(Bloomberg) — Almost half of U.S. lumber dealers and manufacturers reported excess inventories last month, a sharp turnround from a few months ago, when supplies ran so low they sparked price surges.
In July, 49% of building-material dealers and manufacturers said they had excess lumber capacity, while none described their levels as “very tight,” in a survey by John Burns Real Estate Consulting LLC. Back in April, 40% said their wood inventories were “very tight.”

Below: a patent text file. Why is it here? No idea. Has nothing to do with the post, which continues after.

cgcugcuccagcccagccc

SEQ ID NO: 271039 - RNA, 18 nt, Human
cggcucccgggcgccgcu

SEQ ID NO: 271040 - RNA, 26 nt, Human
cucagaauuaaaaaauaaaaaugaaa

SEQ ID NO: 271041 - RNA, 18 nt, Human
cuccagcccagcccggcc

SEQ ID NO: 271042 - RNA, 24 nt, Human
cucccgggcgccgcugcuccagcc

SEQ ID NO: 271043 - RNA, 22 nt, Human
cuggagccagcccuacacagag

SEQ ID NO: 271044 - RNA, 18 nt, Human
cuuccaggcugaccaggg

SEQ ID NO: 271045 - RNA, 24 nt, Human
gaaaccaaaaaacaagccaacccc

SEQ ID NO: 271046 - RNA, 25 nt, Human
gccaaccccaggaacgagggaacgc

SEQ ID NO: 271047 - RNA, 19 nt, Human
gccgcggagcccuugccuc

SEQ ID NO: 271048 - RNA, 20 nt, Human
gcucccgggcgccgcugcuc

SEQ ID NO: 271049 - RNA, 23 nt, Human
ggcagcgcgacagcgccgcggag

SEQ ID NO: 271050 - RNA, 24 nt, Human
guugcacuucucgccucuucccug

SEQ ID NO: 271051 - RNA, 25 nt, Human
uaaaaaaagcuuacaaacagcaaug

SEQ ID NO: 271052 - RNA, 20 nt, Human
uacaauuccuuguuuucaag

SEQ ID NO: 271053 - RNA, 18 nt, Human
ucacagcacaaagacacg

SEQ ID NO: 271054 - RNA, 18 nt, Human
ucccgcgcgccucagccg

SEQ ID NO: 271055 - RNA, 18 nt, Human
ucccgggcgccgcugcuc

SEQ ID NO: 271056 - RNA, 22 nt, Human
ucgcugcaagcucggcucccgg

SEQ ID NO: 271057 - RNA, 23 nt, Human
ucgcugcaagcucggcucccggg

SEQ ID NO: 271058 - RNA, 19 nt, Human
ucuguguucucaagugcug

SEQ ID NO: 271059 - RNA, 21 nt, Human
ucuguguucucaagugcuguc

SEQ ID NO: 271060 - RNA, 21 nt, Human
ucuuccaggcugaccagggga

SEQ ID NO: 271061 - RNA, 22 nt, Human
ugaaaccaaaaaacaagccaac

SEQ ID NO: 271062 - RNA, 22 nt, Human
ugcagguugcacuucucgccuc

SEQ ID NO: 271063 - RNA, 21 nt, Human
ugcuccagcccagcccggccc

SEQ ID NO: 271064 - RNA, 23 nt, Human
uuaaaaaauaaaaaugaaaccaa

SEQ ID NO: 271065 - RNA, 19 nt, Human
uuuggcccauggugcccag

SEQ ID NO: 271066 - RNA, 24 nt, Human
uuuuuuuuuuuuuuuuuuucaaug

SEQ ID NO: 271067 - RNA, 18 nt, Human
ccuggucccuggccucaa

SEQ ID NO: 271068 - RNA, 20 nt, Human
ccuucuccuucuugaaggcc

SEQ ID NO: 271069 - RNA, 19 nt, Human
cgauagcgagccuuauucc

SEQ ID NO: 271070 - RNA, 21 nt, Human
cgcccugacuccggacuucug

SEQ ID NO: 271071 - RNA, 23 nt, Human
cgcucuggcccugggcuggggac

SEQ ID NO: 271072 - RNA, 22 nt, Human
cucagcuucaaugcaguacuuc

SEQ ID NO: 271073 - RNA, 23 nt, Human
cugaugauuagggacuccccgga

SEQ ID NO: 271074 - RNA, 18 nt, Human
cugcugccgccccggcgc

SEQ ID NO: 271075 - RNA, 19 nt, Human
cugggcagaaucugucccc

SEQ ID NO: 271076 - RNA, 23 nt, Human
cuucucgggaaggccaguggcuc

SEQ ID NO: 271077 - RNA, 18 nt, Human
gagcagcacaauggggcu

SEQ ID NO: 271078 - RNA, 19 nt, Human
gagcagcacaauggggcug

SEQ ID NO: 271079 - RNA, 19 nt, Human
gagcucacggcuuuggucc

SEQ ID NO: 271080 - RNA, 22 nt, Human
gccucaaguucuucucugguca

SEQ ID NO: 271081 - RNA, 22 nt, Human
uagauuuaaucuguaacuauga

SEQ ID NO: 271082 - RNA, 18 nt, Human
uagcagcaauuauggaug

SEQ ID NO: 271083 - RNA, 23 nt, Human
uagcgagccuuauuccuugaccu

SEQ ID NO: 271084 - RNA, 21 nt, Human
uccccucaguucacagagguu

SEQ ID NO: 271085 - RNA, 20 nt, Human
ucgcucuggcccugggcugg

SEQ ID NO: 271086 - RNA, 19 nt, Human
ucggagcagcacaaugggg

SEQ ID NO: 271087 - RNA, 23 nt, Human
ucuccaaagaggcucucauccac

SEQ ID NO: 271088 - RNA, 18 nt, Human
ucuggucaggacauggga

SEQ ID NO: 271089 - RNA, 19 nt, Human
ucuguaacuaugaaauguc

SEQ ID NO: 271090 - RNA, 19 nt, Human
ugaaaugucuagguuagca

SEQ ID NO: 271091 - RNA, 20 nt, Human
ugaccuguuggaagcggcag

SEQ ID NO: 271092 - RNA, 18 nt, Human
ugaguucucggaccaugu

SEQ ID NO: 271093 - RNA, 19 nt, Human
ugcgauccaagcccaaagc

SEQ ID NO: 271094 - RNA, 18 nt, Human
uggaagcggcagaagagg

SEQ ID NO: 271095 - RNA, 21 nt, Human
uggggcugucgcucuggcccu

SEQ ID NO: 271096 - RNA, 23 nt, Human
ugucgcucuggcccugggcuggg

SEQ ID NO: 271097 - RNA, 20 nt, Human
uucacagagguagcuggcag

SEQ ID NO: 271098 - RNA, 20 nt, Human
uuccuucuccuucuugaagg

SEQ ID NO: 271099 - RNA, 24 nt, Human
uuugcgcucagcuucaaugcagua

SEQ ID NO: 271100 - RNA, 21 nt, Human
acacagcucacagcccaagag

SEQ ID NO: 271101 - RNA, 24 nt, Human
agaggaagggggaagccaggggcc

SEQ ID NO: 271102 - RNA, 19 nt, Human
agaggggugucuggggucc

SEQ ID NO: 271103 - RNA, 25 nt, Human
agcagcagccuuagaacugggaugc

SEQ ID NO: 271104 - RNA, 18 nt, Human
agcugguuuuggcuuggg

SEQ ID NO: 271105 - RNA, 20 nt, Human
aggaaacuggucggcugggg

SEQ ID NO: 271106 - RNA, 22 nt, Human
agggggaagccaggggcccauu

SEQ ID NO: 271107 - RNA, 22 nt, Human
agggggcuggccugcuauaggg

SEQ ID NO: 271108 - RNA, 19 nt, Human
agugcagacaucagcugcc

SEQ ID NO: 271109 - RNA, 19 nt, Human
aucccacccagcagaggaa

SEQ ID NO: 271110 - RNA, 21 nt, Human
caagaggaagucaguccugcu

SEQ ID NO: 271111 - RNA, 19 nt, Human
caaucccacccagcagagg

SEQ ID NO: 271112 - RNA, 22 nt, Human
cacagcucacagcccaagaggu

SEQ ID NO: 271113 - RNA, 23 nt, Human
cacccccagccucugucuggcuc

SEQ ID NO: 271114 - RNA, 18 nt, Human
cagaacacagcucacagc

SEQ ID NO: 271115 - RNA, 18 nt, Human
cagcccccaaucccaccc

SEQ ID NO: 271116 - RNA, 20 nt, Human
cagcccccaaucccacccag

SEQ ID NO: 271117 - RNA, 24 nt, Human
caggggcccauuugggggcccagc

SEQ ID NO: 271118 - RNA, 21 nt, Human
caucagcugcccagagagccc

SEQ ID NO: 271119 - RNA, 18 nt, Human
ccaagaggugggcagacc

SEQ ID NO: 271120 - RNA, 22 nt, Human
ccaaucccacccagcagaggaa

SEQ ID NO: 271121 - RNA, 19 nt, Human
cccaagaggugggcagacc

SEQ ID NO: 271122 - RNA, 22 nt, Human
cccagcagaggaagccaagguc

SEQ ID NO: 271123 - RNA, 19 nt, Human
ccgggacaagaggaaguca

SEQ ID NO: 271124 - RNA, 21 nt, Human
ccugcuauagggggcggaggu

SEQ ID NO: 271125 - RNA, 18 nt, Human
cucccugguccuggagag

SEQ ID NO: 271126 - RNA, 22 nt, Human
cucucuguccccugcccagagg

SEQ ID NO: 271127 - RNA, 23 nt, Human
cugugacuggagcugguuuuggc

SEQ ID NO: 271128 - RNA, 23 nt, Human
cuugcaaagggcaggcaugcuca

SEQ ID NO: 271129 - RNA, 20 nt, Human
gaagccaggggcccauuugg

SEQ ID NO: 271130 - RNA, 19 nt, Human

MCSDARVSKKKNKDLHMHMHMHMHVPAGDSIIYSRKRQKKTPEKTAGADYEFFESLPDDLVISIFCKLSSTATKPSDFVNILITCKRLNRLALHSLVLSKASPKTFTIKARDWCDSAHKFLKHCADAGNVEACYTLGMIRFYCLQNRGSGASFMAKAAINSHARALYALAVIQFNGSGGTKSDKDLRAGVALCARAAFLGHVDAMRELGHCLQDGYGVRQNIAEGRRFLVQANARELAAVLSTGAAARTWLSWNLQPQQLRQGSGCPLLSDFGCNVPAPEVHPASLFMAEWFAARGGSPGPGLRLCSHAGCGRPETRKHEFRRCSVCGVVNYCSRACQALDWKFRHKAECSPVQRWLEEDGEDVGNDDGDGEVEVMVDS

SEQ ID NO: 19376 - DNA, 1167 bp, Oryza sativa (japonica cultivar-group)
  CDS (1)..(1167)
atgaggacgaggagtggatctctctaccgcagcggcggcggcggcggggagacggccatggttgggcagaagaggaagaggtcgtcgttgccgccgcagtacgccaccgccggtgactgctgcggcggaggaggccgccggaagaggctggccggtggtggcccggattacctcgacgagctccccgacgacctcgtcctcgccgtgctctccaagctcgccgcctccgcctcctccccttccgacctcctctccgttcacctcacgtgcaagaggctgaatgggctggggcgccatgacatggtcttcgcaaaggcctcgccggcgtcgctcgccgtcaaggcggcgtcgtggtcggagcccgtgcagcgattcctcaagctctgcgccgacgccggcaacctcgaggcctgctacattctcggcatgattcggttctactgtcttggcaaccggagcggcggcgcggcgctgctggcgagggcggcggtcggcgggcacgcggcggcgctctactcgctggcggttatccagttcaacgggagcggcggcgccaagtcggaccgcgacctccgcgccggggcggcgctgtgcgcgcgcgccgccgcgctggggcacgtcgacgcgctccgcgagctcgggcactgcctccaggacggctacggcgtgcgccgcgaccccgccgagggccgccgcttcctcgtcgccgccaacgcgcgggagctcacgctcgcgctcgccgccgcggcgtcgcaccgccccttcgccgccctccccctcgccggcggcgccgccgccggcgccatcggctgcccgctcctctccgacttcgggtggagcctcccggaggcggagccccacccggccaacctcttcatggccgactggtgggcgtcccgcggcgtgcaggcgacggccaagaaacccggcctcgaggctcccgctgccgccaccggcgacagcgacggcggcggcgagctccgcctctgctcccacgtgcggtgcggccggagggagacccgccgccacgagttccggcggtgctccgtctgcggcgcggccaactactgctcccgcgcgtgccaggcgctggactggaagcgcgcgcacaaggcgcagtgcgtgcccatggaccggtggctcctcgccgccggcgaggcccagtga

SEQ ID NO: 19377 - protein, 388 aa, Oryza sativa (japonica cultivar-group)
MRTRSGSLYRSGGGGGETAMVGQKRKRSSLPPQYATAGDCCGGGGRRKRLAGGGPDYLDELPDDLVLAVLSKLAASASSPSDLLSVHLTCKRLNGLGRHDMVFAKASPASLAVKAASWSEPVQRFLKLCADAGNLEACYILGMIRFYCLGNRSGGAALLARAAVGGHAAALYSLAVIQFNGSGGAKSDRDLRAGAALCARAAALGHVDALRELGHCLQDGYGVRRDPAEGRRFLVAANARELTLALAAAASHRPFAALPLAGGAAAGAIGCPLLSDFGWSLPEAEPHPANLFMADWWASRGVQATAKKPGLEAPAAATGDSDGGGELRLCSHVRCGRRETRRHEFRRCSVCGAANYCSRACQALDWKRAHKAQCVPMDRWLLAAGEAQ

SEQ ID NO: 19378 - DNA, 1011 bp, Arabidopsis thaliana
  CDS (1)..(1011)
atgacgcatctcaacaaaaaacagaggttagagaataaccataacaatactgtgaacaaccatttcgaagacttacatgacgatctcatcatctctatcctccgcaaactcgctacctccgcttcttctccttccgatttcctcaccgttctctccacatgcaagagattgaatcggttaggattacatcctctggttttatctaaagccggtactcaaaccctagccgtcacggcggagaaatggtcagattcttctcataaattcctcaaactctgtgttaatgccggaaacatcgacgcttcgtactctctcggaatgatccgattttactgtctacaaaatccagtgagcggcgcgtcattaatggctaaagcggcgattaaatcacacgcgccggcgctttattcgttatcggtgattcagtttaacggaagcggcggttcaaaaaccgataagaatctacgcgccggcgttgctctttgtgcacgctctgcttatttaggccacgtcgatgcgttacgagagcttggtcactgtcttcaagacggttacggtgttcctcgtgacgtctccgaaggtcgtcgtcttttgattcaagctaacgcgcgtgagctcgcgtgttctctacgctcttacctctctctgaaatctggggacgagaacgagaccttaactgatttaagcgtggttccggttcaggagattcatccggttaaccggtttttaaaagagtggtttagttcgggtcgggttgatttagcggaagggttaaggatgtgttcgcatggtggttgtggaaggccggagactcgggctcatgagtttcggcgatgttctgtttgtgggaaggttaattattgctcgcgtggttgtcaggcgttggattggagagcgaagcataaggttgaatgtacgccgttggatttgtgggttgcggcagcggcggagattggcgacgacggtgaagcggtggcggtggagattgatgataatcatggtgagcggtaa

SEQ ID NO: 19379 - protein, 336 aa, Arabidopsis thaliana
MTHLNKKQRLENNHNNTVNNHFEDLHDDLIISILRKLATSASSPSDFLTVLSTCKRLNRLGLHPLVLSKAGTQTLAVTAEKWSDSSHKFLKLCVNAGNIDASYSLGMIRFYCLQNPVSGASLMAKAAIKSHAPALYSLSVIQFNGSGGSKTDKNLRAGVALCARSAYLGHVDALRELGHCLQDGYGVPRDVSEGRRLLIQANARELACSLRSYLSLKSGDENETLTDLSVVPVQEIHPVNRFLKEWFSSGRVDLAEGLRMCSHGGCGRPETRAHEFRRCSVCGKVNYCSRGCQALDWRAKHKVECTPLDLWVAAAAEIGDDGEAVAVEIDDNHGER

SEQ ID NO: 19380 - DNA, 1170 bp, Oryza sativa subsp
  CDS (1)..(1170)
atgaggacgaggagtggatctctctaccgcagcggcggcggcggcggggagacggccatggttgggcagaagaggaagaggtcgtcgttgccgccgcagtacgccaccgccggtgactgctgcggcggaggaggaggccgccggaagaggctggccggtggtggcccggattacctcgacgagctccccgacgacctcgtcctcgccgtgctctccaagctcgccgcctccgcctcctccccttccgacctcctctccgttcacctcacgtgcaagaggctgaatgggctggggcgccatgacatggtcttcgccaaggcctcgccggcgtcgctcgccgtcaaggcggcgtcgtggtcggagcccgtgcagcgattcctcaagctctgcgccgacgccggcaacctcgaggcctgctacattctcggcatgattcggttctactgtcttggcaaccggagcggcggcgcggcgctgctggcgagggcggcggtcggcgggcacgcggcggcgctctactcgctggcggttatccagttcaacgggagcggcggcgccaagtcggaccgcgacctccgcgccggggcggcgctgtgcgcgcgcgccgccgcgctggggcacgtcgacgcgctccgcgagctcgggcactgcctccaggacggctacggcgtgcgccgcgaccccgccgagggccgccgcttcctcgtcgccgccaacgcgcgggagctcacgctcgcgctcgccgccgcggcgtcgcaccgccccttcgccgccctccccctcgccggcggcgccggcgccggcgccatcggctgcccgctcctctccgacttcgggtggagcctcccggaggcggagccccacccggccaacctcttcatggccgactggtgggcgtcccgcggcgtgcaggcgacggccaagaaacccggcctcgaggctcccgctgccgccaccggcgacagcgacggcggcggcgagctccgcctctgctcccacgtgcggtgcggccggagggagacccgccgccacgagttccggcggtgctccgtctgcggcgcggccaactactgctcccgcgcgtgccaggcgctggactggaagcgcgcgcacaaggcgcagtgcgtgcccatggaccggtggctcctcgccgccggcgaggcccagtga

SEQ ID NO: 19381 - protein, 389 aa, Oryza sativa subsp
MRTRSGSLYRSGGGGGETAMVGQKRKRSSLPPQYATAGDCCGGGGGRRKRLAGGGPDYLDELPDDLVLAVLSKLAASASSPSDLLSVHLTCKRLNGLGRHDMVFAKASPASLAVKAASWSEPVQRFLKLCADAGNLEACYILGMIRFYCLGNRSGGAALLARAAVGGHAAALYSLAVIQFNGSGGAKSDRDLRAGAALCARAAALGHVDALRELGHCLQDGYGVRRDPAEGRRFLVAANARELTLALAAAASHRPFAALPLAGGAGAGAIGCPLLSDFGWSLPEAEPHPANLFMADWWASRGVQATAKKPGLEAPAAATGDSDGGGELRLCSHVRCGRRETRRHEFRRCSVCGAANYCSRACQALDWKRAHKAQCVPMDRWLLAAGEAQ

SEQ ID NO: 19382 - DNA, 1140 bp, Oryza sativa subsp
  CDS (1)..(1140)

Lumber prices have come down from records in May, when sawmills were caught off guard with low inventories amid a surge in home building and renovation. Producers have since increased output, and a shortage of other building supplies such as siding and windows has slowed the pace of construction.
In the John Burns Real Estate Consulting survey, about 34% of the respondents said they had slightly low or very tight inventories in July.
Lumber futures are now 70% below their peak and trading at about $500 per thousand board feet.
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